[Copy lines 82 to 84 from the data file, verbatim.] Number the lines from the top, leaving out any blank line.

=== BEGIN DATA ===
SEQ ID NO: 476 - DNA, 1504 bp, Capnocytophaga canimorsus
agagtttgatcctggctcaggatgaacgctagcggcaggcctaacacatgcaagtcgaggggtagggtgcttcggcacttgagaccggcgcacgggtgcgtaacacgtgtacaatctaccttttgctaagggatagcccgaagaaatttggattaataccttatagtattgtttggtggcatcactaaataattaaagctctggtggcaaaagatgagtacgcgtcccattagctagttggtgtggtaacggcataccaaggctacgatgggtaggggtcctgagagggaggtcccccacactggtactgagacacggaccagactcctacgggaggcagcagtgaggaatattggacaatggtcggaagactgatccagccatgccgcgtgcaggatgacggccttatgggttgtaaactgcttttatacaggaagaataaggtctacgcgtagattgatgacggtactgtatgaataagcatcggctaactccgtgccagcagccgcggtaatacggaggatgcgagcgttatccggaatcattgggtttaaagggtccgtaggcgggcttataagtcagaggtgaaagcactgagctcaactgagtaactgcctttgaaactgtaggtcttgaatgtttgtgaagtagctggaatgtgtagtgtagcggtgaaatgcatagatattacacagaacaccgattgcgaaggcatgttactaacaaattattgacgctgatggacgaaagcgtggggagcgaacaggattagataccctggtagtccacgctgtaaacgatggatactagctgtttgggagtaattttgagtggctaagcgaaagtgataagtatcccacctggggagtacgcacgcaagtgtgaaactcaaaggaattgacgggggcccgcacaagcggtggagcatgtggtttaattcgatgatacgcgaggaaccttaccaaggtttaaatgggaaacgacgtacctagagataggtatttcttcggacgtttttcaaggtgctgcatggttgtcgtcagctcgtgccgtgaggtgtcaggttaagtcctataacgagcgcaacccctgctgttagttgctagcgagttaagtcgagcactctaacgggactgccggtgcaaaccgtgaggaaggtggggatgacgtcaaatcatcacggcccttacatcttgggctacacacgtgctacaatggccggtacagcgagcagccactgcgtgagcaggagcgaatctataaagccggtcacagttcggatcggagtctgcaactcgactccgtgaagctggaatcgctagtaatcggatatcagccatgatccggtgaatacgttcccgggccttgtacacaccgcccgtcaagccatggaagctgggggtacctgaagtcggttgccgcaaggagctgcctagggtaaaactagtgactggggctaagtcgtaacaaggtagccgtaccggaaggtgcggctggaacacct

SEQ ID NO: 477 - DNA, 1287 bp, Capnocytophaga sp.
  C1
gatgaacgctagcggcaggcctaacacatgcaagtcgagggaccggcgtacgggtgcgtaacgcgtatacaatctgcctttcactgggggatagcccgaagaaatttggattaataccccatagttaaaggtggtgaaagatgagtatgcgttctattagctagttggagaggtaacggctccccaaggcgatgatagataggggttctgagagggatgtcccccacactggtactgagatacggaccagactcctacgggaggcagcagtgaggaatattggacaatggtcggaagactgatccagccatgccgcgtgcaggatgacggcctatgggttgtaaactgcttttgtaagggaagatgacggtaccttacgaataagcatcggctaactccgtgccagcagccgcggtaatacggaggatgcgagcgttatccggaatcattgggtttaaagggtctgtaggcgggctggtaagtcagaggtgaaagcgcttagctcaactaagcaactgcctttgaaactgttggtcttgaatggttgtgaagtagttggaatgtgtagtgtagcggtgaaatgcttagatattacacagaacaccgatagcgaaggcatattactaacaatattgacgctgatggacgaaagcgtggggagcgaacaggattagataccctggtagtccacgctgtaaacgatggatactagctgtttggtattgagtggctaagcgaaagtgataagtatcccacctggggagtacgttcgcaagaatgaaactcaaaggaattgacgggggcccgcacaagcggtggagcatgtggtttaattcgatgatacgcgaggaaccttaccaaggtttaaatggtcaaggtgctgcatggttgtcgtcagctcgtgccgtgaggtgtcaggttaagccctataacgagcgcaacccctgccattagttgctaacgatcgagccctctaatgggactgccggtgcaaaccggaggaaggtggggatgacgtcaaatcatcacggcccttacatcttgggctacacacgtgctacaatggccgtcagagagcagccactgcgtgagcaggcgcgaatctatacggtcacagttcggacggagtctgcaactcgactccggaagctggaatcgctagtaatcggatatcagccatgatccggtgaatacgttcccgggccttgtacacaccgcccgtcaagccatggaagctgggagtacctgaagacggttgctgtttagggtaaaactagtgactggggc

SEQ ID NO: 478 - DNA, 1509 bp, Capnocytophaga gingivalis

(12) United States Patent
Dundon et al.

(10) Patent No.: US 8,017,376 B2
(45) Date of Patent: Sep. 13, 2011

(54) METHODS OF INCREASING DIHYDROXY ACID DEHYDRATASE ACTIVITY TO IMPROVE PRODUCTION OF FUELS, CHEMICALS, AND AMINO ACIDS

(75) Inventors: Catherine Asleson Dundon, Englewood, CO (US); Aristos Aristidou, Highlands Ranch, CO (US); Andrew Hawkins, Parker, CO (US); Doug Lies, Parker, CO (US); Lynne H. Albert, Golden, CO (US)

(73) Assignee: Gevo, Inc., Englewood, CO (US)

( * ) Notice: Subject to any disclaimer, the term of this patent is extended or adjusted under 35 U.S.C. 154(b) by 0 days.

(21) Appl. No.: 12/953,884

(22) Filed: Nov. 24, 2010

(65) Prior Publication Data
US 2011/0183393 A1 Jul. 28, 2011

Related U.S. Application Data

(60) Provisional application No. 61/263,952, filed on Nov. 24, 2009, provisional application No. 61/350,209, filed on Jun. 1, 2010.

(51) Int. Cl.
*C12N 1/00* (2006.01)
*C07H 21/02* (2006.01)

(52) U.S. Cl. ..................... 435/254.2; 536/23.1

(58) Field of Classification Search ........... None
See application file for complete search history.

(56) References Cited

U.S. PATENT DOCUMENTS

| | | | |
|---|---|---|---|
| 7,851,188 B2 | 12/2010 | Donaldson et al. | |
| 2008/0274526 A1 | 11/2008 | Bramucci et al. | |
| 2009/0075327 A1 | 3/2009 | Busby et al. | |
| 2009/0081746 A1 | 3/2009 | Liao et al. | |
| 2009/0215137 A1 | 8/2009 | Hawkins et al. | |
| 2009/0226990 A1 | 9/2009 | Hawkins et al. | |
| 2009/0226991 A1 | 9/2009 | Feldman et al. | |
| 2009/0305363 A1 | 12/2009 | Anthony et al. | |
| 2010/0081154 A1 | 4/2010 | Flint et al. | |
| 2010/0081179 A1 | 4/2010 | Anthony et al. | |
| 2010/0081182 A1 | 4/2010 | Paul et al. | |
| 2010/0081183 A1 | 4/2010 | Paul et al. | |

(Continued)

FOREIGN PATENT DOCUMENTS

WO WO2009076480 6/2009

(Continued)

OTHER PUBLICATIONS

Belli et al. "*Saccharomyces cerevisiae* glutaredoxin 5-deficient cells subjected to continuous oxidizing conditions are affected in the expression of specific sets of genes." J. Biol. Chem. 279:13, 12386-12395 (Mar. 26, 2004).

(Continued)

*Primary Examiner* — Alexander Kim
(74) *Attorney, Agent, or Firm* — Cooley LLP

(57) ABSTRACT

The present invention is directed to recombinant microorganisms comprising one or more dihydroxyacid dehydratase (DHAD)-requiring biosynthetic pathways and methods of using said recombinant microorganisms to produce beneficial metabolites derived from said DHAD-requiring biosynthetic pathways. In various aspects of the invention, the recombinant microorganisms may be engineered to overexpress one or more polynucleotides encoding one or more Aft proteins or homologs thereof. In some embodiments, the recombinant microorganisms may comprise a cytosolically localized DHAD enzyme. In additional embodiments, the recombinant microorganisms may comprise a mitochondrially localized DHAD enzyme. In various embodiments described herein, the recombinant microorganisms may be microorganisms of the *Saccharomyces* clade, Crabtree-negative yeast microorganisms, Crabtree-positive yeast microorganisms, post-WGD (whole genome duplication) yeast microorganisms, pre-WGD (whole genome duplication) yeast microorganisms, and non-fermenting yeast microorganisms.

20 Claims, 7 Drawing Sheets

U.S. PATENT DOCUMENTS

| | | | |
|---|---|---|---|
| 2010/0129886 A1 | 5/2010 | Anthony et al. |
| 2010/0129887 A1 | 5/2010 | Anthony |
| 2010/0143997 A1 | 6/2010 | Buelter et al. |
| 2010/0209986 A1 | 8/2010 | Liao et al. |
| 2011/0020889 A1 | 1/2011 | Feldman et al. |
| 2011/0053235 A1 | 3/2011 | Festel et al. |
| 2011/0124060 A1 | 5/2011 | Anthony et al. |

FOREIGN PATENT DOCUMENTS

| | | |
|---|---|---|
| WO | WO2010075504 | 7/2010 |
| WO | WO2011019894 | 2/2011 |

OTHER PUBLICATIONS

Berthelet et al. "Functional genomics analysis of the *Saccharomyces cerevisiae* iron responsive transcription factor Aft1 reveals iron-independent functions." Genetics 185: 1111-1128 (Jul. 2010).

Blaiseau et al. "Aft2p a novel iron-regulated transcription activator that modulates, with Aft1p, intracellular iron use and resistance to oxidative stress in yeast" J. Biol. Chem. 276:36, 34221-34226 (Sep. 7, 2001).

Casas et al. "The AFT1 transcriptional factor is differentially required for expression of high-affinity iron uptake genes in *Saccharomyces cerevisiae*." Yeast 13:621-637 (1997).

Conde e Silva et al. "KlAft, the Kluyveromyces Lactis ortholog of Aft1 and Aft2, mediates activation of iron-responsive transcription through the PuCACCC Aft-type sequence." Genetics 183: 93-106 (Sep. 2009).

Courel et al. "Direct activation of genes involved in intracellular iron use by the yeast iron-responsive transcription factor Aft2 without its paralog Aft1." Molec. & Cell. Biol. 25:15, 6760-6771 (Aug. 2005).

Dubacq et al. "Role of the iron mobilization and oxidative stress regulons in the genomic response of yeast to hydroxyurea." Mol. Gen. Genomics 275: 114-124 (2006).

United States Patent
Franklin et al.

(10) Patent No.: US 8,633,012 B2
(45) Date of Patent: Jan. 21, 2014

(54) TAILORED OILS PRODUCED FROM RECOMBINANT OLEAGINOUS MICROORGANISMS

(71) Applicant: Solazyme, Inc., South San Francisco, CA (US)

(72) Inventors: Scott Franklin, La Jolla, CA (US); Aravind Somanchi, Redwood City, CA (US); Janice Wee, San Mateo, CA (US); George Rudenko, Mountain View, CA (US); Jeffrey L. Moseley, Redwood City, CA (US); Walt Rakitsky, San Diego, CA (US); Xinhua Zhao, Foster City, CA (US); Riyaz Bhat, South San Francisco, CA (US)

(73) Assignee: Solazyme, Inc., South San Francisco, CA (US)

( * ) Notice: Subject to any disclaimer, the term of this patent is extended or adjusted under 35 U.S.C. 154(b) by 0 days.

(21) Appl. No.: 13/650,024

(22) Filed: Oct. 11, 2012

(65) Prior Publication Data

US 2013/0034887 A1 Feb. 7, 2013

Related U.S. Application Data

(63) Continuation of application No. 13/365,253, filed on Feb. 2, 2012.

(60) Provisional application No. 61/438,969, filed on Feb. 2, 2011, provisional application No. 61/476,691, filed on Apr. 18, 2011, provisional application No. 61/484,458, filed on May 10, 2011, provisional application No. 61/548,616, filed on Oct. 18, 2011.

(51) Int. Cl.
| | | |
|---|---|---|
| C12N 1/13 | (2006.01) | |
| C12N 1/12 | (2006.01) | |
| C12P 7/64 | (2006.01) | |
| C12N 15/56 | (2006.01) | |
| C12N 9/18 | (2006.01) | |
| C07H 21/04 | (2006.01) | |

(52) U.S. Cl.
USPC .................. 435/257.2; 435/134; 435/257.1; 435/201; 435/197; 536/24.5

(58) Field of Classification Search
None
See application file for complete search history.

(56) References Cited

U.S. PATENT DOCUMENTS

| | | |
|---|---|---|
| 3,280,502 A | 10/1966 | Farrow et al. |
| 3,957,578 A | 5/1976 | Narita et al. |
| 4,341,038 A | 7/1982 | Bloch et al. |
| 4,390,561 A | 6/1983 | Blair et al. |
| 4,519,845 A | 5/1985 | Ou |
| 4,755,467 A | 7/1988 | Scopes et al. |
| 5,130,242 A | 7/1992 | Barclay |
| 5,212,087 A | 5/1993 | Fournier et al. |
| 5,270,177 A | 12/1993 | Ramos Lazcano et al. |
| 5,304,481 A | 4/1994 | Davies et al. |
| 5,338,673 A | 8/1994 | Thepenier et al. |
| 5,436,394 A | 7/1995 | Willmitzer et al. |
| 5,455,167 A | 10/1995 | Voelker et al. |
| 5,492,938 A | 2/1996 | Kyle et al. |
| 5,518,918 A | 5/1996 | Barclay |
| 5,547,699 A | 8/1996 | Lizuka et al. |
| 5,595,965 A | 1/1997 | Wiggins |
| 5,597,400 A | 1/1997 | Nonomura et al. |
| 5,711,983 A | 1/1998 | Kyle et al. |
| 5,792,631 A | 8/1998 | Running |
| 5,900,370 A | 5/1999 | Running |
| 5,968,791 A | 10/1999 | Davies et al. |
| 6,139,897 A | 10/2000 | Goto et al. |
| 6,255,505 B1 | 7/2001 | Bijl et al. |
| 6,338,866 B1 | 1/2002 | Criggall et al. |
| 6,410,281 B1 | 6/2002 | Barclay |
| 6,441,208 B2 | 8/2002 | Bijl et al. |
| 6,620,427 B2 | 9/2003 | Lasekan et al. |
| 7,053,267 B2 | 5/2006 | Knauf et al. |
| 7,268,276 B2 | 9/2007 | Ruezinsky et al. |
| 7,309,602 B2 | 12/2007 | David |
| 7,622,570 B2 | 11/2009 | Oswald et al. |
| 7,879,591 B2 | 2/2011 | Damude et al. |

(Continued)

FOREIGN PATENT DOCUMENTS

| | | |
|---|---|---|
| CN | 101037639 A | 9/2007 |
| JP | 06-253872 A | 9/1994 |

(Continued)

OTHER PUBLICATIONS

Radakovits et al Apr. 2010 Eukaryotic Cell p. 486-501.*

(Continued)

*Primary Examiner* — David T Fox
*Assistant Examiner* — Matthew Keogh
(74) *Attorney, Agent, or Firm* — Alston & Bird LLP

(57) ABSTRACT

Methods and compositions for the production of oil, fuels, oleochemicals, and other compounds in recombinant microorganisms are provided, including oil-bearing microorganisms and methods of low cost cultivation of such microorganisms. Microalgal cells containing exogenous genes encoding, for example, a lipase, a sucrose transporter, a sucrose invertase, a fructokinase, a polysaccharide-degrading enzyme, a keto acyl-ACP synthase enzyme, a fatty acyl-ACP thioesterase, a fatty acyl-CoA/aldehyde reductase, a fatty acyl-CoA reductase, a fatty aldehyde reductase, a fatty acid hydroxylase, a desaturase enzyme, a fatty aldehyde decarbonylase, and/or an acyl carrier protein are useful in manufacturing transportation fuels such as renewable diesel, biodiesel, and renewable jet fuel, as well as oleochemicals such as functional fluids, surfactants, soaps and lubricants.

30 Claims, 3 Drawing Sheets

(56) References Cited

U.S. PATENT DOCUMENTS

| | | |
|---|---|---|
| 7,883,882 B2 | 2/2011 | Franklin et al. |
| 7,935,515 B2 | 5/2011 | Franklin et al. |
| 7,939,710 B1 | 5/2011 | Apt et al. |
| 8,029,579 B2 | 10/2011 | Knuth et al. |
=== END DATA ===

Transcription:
(71) Applicant: Solazyme, Inc., South San Francisco, CA (US)

(72) Inventors: Scott Franklin, La Jolla, CA (US); Aravind Somanchi, Redwood City, CA (US); Janice Wee, San Mateo, CA (US); George Rudenko, Mountain View, CA (US); Jeffrey L. Moseley, Redwood City, CA (US); Walt Rakitsky, San Diego, CA (US); Xinhua Zhao, Foster City, CA (US); Riyaz Bhat, South San Francisco, CA (US)

(73) Assignee: Solazyme, Inc., South San Francisco, CA (US)